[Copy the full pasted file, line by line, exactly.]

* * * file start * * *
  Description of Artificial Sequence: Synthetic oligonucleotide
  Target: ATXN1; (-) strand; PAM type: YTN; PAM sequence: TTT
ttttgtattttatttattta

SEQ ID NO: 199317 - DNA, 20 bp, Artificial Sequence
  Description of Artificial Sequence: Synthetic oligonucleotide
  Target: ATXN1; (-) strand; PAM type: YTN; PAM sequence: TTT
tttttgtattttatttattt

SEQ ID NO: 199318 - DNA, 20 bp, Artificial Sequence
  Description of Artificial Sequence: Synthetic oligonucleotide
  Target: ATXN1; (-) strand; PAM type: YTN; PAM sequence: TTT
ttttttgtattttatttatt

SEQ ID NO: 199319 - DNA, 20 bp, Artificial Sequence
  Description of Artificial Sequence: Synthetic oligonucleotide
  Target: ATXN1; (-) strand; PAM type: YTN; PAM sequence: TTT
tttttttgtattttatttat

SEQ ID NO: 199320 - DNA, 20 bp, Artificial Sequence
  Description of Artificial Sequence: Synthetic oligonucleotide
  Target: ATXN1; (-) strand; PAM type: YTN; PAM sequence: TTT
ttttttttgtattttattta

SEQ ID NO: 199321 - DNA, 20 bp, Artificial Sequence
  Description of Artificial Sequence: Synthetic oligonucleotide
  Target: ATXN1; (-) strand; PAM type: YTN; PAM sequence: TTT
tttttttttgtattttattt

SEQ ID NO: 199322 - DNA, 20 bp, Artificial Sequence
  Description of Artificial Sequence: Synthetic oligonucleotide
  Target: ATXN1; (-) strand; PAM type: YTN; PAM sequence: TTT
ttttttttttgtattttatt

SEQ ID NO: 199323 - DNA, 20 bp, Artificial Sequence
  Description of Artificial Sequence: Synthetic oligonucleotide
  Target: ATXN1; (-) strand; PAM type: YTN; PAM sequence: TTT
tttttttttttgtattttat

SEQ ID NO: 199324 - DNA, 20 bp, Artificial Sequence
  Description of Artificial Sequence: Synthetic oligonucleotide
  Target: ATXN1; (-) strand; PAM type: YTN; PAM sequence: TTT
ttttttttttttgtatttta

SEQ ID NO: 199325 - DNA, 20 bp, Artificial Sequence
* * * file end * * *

  Description of Artificial Sequence: Synthetic oligonucleotide
  Target: ATXN1; (-) strand; PAM type: YTN; PAM sequence: TTT
ttttgtattttatttattta

SEQ ID NO: 199317 - DNA, 20 bp, Artificial Sequence
  Description of Artificial Sequence: Synthetic oligonucleotide
  Target: ATXN1; (-) strand; PAM type: YTN; PAM sequence: TTT
tttttgtattttatttattt

SEQ ID NO: 199318 - DNA, 20 bp, Artificial Sequence
  Description of Artificial Sequence: Synthetic oligonucleotide
  Target: ATXN1; (-) strand; PAM type: YTN; PAM sequence: TTT
ttttttgtattttatttatt

SEQ ID NO: 199319 - DNA, 20 bp, Artificial Sequence
  Description of Artificial Sequence: Synthetic oligonucleotide
  Target: ATXN1; (-) strand; PAM type: YTN; PAM sequence: TTT
tttttttgtattttatttat

SEQ ID NO: 199320 - DNA, 20 bp, Artificial Sequence
  Description of Artificial Sequence: Synthetic oligonucleotide
  Target: ATXN1; (-) strand; PAM type: YTN; PAM sequence: TTT
ttttttttgtattttattta

SEQ ID NO: 199321 - DNA, 20 bp, Artificial Sequence
  Description of Artificial Sequence: Synthetic oligonucleotide
  Target: ATXN1; (-) strand; PAM type: YTN; PAM sequence: TTT
tttttttttgtattttattt

SEQ ID NO: 199322 - DNA, 20 bp, Artificial Sequence
  Description of Artificial Sequence: Synthetic oligonucleotide
  Target: ATXN1; (-) strand; PAM type: YTN; PAM sequence: TTT
ttttttttttgtattttatt

SEQ ID NO: 199323 - DNA, 20 bp, Artificial Sequence
  Description of Artificial Sequence: Synthetic oligonucleotide
  Target: ATXN1; (-) strand; PAM type: YTN; PAM sequence: TTT
tttttttttttgtattttat

SEQ ID NO: 199324 - DNA, 20 bp, Artificial Sequence
  Description of Artificial Sequence: Synthetic oligonucleotide
  Target: ATXN1; (-) strand; PAM type: YTN; PAM sequence: TTT
ttttttttttttgtatttta

SEQ ID NO: 199325 - DNA, 20 bp, Artificial Sequence